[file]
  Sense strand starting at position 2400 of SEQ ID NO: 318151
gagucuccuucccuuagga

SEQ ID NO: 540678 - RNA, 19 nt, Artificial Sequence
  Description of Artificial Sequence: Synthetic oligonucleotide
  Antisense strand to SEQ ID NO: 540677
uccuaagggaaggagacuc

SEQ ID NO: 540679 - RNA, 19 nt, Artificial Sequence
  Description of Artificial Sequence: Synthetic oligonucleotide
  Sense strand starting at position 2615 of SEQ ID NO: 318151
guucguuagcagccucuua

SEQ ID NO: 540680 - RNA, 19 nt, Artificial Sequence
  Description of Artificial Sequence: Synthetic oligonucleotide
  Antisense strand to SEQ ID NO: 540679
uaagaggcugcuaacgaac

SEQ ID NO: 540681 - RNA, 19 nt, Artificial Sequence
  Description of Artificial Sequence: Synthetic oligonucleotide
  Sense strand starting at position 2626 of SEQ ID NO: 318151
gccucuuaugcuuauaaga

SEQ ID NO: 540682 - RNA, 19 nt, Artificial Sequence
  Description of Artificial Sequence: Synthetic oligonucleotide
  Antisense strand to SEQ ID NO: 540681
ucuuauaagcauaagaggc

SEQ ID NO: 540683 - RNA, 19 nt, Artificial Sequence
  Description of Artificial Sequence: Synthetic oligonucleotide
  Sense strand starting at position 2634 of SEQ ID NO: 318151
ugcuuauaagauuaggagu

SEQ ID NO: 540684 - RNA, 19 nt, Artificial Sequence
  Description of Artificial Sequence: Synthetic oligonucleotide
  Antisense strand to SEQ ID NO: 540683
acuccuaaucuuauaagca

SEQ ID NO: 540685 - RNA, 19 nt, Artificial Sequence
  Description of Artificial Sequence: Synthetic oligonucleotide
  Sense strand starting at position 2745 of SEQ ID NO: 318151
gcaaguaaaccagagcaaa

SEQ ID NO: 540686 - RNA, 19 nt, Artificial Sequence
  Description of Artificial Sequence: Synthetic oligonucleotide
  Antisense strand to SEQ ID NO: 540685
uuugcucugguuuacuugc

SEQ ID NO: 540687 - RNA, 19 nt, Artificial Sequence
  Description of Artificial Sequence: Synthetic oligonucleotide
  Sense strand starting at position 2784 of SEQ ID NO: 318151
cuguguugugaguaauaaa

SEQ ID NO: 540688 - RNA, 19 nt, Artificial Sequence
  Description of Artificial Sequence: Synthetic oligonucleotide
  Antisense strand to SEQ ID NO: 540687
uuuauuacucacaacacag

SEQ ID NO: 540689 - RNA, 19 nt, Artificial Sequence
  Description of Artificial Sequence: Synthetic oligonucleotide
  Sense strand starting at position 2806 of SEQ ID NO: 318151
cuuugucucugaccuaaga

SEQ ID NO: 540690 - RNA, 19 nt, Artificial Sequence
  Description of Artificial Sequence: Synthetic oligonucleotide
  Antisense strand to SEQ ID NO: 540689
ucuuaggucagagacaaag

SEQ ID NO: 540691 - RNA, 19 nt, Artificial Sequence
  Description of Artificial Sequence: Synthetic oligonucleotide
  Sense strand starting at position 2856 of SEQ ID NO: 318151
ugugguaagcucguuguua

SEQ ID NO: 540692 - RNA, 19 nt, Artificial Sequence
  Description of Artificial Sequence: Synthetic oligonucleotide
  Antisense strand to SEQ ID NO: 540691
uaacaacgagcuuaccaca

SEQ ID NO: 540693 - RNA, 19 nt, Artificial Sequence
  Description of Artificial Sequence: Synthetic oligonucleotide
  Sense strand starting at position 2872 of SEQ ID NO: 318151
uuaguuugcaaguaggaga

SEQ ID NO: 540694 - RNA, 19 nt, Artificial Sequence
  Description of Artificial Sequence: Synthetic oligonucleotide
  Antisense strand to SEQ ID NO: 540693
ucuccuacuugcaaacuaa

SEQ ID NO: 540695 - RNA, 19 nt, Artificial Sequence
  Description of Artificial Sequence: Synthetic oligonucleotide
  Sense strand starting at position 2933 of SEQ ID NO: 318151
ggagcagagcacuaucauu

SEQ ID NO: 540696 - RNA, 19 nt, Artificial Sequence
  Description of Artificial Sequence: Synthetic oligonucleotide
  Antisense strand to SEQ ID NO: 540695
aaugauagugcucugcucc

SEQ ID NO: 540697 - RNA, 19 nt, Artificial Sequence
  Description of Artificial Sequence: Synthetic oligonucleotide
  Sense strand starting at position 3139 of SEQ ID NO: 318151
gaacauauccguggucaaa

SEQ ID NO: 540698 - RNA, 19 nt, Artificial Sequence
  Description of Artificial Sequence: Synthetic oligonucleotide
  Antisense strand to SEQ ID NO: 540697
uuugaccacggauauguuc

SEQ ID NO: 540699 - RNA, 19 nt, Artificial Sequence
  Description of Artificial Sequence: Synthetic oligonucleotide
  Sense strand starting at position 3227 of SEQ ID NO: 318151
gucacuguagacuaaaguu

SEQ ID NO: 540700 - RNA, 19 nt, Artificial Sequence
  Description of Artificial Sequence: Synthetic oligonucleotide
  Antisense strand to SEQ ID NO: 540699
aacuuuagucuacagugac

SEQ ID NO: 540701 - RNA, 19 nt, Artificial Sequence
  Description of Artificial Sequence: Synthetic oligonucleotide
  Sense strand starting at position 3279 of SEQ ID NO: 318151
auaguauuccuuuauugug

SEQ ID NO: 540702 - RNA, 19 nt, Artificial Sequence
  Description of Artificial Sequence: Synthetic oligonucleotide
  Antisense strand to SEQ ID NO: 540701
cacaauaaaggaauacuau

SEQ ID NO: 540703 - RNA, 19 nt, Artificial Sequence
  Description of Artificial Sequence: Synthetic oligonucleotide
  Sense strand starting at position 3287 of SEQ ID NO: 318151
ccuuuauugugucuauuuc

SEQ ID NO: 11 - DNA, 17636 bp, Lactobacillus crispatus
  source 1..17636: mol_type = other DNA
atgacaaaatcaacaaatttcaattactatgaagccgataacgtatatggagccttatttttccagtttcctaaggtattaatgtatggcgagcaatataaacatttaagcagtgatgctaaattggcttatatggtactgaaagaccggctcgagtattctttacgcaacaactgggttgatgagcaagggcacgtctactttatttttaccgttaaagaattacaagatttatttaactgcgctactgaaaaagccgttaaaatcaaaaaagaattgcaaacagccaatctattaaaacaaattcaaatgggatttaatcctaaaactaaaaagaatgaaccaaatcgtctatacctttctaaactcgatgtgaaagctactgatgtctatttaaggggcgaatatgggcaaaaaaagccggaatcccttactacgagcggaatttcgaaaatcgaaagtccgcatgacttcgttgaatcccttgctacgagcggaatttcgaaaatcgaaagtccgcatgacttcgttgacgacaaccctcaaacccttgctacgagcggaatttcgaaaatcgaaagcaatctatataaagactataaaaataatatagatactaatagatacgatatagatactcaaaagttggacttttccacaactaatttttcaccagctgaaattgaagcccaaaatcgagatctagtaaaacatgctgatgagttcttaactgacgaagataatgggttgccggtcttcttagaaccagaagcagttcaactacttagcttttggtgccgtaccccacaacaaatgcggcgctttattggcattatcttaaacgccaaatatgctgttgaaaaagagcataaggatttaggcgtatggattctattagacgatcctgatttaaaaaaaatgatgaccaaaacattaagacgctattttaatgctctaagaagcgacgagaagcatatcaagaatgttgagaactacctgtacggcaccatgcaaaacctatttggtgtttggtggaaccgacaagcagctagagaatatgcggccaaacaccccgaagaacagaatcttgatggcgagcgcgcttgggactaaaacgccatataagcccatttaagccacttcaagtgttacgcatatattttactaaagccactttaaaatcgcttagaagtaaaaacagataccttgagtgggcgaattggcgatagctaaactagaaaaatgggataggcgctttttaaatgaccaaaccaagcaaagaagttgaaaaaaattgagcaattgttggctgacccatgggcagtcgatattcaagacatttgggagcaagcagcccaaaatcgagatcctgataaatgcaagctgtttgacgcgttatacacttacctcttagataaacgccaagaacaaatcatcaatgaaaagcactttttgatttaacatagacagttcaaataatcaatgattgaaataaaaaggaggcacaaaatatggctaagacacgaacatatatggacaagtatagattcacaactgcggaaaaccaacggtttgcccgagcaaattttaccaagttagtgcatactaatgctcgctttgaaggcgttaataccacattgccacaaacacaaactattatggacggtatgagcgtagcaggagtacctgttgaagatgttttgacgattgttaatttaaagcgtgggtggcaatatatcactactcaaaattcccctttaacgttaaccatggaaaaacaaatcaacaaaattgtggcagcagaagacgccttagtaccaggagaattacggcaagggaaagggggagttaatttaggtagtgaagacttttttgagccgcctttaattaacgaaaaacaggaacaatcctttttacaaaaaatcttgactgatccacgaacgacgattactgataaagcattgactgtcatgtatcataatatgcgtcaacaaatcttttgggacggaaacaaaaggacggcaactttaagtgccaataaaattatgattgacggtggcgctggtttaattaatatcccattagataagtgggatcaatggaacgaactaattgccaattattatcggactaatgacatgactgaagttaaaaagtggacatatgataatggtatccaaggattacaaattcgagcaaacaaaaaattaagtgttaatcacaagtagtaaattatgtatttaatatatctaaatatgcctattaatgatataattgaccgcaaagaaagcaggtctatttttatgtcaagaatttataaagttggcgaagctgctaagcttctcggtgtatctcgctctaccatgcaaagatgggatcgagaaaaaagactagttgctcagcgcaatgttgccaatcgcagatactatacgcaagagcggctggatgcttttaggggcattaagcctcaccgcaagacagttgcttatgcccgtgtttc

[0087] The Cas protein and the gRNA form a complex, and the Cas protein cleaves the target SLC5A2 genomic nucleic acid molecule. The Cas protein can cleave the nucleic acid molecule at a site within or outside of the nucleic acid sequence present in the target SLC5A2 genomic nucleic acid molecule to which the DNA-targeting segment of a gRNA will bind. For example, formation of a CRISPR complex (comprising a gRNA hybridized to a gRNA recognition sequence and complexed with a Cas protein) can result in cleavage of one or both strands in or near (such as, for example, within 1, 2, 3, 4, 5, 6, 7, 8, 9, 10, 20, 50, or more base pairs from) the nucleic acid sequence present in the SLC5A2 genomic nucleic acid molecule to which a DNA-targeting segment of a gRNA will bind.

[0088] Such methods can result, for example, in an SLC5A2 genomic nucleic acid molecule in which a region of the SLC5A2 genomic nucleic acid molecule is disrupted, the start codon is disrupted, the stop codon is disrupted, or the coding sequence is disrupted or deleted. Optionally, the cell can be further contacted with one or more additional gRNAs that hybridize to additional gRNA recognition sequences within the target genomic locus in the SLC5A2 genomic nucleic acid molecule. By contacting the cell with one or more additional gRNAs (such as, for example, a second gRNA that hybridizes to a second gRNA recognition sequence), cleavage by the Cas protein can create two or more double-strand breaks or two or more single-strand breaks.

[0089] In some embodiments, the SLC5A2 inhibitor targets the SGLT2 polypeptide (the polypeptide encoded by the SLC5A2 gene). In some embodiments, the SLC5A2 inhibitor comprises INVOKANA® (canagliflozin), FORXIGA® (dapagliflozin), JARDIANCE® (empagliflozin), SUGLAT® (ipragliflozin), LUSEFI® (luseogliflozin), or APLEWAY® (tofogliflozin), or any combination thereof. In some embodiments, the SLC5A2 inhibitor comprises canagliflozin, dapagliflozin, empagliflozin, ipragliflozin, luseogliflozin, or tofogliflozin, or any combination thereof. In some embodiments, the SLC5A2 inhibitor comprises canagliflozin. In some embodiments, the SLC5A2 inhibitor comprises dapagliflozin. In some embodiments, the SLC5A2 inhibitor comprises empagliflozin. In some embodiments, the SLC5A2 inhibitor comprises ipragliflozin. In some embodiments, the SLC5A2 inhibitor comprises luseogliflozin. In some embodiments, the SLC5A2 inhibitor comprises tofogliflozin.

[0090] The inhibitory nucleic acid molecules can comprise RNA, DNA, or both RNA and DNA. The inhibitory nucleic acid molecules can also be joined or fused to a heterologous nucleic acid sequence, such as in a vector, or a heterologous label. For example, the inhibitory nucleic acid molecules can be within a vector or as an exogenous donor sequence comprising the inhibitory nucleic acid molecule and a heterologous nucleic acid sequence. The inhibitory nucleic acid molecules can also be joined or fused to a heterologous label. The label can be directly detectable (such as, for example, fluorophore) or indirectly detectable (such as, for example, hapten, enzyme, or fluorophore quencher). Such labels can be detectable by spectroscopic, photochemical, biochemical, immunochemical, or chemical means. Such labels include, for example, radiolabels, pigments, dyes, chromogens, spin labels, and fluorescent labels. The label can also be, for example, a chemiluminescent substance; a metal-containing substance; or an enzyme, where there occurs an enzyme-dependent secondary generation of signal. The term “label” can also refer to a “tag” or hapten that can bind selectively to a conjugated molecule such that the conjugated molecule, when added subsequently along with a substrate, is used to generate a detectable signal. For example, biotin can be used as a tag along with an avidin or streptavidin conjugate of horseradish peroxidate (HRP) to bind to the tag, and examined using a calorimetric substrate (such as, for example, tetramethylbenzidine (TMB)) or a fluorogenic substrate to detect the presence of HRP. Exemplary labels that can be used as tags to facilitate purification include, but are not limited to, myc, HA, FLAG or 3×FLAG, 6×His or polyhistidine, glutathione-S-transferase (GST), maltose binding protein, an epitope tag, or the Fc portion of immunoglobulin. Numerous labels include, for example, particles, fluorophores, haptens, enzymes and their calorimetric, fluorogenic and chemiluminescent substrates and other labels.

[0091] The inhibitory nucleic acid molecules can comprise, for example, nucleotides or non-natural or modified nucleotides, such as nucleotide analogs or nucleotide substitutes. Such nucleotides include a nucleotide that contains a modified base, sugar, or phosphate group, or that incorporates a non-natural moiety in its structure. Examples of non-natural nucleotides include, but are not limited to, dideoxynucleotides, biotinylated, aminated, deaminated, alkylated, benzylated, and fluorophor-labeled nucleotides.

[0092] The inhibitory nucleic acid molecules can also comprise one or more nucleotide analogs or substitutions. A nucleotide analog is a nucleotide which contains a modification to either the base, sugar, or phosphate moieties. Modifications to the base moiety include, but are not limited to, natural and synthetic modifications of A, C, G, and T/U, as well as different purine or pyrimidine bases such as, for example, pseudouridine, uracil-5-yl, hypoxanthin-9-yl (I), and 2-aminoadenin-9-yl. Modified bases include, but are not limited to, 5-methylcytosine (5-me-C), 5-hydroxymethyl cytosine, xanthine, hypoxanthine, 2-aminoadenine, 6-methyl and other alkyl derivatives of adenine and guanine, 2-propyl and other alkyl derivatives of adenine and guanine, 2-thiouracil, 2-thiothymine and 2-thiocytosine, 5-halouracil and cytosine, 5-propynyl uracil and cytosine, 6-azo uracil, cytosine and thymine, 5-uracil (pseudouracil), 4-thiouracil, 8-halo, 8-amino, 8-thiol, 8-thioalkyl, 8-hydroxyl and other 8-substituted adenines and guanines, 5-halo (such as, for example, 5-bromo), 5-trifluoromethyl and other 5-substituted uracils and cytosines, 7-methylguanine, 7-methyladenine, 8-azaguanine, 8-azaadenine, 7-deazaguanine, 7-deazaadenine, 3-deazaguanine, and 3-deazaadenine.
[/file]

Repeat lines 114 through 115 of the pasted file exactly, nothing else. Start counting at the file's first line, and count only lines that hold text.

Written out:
[0091] The inhibitory nucleic acid molecules can comprise, for example, nucleotides or non-natural or modified nucleotides, such as nucleotide analogs or nucleotide substitutes. Such nucleotides include a nucleotide that contains a modified base, sugar, or phosphate group, or that incorporates a non-natural moiety in its structure. Examples of non-natural nucleotides include, but are not limited to, dideoxynucleotides, biotinylated, aminated, deaminated, alkylated, benzylated, and fluorophor-labeled nucleotides.

[0092] The inhibitory nucleic acid molecules can also comprise one or more nucleotide analogs or substitutions. A nucleotide analog is a nucleotide which contains a modification to either the base, sugar, or phosphate moieties. Modifications to the base moiety include, but are not limited to, natural and synthetic modifications of A, C, G, and T/U, as well as different purine or pyrimidine bases such as, for example, pseudouridine, uracil-5-yl, hypoxanthin-9-yl (I), and 2-aminoadenin-9-yl. Modified bases include, but are not limited to, 5-methylcytosine (5-me-C), 5-hydroxymethyl cytosine, xanthine, hypoxanthine, 2-aminoadenine, 6-methyl and other alkyl derivatives of adenine and guanine, 2-propyl and other alkyl derivatives of adenine and guanine, 2-thiouracil, 2-thiothymine and 2-thiocytosine, 5-halouracil and cytosine, 5-propynyl uracil and cytosine, 6-azo uracil, cytosine and thymine, 5-uracil (pseudouracil), 4-thiouracil, 8-halo, 8-amino, 8-thiol, 8-thioalkyl, 8-hydroxyl and other 8-substituted adenines and guanines, 5-halo (such as, for example, 5-bromo), 5-trifluoromethyl and other 5-substituted uracils and cytosines, 7-methylguanine, 7-methyladenine, 8-azaguanine, 8-azaadenine, 7-deazaguanine, 7-deazaadenine, 3-deazaguanine, and 3-deazaadenine.